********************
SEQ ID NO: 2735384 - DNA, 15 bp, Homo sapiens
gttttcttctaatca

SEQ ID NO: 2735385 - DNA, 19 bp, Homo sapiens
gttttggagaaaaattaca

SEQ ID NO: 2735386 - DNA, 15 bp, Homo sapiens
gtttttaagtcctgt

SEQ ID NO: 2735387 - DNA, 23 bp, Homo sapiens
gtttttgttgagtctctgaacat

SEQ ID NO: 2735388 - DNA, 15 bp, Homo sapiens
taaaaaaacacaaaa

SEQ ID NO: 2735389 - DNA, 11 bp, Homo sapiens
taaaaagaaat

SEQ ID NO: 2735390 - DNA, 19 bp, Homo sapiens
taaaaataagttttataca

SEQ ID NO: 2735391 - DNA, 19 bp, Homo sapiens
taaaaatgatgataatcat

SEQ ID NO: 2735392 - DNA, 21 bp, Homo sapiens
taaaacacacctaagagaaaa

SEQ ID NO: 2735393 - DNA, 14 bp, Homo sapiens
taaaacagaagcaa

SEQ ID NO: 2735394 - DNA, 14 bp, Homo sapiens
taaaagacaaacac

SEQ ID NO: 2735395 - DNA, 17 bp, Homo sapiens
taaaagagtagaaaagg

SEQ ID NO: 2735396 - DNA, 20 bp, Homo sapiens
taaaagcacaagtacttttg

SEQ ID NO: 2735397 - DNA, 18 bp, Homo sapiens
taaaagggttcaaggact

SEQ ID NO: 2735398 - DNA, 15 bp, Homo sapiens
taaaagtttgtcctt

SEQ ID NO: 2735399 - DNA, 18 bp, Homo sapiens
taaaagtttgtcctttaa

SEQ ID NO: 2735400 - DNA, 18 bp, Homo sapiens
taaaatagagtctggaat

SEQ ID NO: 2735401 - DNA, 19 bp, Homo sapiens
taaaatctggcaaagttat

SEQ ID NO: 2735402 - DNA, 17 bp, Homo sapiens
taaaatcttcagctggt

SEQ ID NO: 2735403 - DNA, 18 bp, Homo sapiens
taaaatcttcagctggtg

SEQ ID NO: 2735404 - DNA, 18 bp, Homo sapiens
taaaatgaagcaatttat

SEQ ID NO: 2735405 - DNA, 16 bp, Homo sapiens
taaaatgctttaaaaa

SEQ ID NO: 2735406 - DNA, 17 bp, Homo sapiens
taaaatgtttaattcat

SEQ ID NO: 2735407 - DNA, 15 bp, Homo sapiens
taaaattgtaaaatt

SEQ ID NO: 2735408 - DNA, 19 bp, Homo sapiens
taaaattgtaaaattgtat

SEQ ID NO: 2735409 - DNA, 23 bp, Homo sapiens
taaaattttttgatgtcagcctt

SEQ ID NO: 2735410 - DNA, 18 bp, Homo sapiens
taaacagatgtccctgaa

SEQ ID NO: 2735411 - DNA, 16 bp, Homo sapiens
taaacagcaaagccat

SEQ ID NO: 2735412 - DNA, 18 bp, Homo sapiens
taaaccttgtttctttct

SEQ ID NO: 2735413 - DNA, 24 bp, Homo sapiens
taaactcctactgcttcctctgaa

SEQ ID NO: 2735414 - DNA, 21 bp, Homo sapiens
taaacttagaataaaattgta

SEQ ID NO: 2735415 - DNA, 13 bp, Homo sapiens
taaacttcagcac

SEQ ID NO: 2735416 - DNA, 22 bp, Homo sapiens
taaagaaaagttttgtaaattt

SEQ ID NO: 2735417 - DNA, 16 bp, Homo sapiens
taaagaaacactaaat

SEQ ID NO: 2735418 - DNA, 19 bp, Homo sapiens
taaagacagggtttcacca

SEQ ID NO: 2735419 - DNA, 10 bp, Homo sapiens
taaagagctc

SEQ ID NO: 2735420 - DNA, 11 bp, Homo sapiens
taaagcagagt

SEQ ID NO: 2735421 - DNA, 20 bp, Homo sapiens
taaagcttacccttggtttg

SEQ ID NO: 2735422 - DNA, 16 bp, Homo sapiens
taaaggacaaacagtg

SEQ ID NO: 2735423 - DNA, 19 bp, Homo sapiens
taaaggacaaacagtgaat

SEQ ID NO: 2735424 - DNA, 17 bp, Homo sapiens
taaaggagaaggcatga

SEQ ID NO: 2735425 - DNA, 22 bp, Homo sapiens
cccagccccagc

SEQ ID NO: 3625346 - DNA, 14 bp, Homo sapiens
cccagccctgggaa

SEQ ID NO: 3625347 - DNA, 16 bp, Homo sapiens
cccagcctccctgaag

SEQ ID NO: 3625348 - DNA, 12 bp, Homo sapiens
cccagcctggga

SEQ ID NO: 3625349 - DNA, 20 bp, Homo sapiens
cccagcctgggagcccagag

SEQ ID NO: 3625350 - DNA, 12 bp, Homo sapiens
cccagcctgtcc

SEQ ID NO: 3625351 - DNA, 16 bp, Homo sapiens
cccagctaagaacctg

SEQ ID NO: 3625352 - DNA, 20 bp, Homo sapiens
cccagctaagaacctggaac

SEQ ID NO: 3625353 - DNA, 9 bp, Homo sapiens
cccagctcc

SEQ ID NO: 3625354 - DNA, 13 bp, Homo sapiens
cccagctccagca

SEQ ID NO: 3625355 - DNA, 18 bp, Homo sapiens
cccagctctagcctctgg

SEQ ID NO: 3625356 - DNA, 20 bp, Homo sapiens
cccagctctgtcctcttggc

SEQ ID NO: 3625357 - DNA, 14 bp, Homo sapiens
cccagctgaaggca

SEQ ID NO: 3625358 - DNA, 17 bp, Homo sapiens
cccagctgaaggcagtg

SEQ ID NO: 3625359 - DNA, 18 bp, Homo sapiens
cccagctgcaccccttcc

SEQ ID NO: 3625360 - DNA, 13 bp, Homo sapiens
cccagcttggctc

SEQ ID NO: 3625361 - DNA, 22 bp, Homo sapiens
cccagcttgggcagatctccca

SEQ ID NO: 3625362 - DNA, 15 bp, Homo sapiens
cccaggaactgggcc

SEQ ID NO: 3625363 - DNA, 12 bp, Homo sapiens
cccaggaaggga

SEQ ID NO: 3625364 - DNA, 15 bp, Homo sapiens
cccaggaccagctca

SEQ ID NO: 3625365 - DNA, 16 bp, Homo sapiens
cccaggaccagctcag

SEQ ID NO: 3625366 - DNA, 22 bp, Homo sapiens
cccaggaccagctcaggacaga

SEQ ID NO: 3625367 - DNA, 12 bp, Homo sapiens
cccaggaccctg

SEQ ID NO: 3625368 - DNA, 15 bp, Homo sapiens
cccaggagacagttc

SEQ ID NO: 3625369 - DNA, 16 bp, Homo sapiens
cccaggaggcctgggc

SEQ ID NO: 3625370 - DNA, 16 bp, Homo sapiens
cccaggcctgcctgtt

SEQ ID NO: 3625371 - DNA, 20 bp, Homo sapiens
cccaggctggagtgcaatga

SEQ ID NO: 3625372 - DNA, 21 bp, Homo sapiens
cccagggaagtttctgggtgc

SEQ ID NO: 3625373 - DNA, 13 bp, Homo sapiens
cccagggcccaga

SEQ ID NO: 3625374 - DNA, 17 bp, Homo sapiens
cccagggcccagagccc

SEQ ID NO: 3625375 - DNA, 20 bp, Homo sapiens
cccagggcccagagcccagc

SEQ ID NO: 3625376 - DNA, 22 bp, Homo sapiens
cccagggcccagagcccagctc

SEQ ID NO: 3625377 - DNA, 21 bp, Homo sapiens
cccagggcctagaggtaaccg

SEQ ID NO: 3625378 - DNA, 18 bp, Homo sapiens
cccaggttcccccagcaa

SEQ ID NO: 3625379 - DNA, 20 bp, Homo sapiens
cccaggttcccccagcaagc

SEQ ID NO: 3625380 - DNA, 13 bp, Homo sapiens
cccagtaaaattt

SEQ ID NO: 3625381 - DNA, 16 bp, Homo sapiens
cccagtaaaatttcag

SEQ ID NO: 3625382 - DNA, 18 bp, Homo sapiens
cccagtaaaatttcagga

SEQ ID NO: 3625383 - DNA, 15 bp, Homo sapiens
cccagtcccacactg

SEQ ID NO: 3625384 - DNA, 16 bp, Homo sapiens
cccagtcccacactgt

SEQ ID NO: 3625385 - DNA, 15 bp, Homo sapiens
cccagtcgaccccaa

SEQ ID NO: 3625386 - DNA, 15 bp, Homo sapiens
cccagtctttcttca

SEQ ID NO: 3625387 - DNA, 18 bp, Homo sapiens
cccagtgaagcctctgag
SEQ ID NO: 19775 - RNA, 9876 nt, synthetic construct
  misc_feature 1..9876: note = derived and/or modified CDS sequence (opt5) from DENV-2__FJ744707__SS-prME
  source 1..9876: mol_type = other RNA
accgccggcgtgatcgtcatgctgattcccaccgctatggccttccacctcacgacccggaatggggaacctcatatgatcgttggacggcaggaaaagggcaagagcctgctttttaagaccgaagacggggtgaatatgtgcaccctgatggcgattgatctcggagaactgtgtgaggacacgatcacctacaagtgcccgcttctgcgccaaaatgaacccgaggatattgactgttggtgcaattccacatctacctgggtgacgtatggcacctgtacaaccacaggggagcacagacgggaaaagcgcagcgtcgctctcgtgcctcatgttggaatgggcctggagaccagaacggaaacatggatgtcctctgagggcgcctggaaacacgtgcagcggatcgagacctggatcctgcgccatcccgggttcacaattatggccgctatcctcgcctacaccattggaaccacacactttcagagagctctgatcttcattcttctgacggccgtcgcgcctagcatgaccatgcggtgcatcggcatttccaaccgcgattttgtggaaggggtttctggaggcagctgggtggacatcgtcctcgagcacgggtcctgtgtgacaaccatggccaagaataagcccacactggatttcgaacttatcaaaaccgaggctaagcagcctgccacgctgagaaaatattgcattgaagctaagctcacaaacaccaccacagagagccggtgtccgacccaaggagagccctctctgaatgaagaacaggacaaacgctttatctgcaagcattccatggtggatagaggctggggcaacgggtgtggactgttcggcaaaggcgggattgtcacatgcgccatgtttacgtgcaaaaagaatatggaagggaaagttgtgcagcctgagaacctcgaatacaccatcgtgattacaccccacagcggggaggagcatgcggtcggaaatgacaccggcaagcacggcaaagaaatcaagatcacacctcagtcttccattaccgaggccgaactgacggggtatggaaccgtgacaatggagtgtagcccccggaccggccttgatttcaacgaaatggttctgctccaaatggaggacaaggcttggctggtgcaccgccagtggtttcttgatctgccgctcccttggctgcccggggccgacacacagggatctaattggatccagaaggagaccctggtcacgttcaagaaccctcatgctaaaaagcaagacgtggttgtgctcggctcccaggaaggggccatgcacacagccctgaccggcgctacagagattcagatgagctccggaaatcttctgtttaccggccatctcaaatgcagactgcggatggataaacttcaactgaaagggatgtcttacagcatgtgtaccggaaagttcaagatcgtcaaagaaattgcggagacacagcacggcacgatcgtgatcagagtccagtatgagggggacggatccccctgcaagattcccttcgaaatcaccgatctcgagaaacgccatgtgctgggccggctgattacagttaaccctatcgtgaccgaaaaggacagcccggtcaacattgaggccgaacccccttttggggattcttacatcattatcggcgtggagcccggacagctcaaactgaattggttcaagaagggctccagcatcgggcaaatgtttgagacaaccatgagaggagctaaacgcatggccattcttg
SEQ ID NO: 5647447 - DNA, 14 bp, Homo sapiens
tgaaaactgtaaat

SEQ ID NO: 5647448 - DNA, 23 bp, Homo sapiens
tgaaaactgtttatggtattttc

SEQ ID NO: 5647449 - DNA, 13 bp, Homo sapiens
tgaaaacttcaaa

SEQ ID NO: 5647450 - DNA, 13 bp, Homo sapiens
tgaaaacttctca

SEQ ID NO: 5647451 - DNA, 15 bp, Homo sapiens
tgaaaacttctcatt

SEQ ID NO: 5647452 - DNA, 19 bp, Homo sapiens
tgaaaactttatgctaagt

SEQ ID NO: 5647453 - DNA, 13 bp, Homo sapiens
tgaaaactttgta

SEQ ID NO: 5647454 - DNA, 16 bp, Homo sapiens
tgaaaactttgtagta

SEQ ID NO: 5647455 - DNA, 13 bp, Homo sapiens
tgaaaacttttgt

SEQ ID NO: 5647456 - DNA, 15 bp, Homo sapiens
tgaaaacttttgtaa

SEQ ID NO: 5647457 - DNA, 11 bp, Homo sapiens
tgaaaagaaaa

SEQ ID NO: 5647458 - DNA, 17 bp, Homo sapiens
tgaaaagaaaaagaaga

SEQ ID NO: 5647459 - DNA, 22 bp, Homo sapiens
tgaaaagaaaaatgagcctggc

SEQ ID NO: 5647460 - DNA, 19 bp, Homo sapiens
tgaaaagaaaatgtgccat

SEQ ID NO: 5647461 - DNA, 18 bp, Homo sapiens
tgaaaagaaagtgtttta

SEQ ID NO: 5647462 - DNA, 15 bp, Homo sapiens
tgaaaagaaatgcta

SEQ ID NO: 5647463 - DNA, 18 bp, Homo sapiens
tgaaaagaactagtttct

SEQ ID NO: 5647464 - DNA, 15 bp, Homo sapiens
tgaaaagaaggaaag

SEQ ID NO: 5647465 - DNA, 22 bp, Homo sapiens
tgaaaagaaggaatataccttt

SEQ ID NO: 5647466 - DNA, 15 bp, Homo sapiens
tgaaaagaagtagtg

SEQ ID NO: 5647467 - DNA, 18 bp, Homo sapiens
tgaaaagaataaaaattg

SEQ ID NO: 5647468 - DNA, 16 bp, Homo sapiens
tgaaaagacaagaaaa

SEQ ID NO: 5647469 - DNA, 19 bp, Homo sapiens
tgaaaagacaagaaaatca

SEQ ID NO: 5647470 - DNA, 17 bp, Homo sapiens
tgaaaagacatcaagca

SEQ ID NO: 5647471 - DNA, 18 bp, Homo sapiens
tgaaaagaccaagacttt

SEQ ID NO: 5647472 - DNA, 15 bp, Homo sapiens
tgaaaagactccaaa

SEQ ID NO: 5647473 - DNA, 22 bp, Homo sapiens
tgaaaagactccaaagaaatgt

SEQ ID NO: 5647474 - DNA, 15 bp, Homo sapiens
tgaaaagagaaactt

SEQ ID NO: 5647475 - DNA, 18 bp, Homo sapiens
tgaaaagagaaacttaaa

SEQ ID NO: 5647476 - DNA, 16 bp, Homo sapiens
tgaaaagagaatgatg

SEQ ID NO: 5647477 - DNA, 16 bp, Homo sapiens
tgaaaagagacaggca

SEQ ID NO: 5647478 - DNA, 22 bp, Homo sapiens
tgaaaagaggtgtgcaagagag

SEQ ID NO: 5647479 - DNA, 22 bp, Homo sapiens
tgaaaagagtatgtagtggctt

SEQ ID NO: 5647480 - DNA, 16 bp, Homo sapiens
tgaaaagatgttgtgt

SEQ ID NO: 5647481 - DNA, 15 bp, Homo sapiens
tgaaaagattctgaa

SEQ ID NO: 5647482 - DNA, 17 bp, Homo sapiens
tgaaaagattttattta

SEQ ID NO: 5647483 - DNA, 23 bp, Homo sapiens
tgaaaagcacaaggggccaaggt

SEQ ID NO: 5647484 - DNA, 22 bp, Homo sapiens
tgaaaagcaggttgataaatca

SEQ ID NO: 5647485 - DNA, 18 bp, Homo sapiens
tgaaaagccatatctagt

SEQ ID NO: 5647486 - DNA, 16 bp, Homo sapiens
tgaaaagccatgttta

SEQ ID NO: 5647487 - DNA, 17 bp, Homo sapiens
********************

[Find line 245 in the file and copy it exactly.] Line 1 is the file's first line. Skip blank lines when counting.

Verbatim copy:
SEQ ID NO: 5647483 - DNA, 23 bp, Homo sapiens